- If it deviates, explain why (“deal is at 50cents a dollar, than the typical 70cents, diff strategy/airbnb, venturing into new area)
- Run it by 2-3 locals
- Stress test it – lower rents by 10-15%, increase maintenance and vac from usual 8%/8% to 10%/12%
- What could go wrong? If a rehab, add in 10-15% contingency
- How long can i sustain vacancy
whatever that helps you streamline your business and reduce unwanted risk. Luckily for me, my background as an accountant and consultant that specializes in compliance and internal controls helped me view this new business venture in terms of how I approach a new client – I look at the business environment, risks that the company faces, and find solutions to mitigate the risk if it cannot be completely eliminated.
- Words of wisdom for scared newbies newbies that are out there looking for buy and hold properties, especially as an out of state investor? Another favorite quote of mine is one that says “its not what you dont know that gets you in trouble, but what you think you know that just aint so”. Im not sure if i interpreted it the way the speaker intended it, but I like to refer to this whenever people come to me and relay information that they heard from a friend, or read in an article somewhere that the next crash is here or that out of state investing is super risky. If i have done my due dilligence (talked to 5-10 different investors from indy and get multiple viewpoints, fly out to the market, underwrite dozens of properties) I am okay with taking calculated risks.
My piece of advice is if you want to get into real estate investing, treat it like a business, take the time to educate yourself, and take massive action – DONT get into analysis paralysis. Also – team up with the right people. No one became successful by themselves, real estate investing is a team sport you need the right acquisitions manager, the right lender, the right property manager, etc. Tips to find other passive investors? Bigger pockets, facebook groups (joined like 50), google: real estate investing blog/website and contact all of them, ask other influencers (lanes introduced me to a couple ppl)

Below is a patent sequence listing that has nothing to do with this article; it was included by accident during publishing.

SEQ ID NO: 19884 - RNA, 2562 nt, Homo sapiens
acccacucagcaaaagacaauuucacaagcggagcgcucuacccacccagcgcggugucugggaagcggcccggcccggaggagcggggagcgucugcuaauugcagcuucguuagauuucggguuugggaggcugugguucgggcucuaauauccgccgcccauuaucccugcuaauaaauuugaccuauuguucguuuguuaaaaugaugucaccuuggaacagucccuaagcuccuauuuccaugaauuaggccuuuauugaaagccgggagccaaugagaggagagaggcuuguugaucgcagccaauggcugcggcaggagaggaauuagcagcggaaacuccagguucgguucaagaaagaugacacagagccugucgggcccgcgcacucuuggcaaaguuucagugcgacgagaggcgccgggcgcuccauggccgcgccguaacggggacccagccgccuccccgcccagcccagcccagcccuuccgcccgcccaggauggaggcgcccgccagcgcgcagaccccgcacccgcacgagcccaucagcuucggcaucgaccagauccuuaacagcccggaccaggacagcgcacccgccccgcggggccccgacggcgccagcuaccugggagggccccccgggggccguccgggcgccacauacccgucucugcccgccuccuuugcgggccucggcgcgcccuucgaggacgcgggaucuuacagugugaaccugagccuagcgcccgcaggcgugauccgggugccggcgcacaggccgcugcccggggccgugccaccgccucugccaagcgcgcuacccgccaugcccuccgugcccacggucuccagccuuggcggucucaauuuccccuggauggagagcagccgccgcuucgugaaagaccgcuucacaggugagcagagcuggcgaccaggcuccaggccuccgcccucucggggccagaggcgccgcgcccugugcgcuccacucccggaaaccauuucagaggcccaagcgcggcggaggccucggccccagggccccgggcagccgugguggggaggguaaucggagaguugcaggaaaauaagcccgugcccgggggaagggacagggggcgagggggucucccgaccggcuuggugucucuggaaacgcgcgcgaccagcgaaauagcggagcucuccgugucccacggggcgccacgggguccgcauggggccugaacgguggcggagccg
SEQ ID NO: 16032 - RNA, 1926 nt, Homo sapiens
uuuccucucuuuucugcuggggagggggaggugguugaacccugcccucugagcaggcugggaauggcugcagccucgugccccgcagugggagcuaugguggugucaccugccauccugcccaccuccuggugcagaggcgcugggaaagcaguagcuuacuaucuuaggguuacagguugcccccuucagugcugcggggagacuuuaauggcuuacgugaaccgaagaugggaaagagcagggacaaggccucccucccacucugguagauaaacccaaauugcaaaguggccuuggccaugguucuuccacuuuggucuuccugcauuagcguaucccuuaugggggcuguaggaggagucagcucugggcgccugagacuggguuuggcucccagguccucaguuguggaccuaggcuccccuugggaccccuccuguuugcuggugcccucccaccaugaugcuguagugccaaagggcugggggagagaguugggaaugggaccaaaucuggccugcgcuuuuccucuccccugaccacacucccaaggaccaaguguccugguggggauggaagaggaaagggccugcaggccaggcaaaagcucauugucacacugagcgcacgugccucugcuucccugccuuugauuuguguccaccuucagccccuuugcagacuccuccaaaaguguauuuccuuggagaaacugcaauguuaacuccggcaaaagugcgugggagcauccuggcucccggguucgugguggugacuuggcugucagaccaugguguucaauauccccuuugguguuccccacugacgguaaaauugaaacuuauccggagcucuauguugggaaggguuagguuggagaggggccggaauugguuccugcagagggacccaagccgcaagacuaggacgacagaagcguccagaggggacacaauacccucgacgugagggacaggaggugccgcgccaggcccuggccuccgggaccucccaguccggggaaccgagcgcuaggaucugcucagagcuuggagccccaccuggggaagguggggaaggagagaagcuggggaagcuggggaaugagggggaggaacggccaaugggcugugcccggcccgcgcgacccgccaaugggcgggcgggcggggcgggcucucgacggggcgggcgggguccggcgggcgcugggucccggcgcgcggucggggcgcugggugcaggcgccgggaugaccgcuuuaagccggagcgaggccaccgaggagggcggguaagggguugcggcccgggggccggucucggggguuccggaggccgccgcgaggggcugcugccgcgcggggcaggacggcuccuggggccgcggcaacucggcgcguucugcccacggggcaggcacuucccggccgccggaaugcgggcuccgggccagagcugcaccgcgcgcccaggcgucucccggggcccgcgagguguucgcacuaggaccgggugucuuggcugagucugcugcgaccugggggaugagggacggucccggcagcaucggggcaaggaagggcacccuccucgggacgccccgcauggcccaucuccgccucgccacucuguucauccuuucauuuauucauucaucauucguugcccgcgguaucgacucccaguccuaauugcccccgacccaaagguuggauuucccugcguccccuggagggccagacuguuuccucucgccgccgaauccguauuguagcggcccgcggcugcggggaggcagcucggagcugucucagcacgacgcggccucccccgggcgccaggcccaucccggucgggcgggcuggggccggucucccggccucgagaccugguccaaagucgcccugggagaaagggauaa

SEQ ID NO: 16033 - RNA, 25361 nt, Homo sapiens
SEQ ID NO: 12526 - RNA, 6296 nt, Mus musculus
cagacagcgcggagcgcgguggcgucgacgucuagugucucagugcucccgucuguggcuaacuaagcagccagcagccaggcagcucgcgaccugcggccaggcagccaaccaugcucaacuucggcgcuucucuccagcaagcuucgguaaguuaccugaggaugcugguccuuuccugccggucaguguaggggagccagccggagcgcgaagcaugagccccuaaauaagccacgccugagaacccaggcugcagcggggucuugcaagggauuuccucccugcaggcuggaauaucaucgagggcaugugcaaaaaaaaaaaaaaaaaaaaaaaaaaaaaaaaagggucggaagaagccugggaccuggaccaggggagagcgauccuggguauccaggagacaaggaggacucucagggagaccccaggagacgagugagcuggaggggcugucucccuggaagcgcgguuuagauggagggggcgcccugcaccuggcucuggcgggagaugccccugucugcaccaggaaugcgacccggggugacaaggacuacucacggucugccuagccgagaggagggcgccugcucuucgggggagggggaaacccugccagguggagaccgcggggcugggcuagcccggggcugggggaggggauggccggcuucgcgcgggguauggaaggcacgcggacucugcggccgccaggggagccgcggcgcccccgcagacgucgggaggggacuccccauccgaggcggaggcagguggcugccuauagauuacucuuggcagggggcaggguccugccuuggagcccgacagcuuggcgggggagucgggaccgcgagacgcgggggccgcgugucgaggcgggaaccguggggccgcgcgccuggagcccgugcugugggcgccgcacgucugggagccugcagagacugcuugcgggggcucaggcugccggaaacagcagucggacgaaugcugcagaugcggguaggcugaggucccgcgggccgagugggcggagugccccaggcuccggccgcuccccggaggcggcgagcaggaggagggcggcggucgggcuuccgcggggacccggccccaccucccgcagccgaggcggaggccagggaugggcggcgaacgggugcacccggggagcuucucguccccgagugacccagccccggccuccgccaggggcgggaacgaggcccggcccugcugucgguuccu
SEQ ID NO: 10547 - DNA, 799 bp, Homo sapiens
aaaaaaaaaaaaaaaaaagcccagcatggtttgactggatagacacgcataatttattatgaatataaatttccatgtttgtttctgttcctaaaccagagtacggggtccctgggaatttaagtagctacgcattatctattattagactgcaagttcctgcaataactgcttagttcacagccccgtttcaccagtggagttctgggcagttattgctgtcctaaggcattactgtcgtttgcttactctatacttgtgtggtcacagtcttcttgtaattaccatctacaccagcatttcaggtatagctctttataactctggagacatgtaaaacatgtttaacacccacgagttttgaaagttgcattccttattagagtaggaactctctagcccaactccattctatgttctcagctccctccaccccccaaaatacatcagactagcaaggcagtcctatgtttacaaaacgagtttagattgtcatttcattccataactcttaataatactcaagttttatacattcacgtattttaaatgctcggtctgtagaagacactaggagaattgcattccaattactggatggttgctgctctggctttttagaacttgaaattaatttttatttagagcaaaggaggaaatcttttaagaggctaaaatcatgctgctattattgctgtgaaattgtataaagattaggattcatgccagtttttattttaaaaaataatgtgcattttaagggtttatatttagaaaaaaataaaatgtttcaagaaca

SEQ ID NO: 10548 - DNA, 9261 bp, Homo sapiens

- What’s next?: my passion – helping other people. I see alot of my friends and family members struggle financially, and often give them a copy of rich dad poor dad to read and educate themselves about finances. I see real estate as a vehicle to really achieve that financial freedom to make choices in life that really motivate you, get you excited, as we weren’t created to go to school for 15 years, work a 9-5 for 40 years and then hope you have saved enough to retire at 65.
I ask alot of my friends what they would be doing if money was not an issue, and alot of the times I get blank stares, as they really haven’t thought about that question. I give them a couple of minutes then they start talking about their passion projects such as making music, DJing, being a travel blogger, building homes for the homeless. But we are stuck in a rat race that doesnt allow us to look around us and truly live life since we are busy looking forward with our blinders on trying to get ahead. For me personally, I truly feel joy when I am able to help others and see changes being made in their lives. I hope that I can leverage my experience working at a financial services company, as an accountant, and now real estate investor to help others who feel stuck and trapped, so they can create passive income and follow their passion project.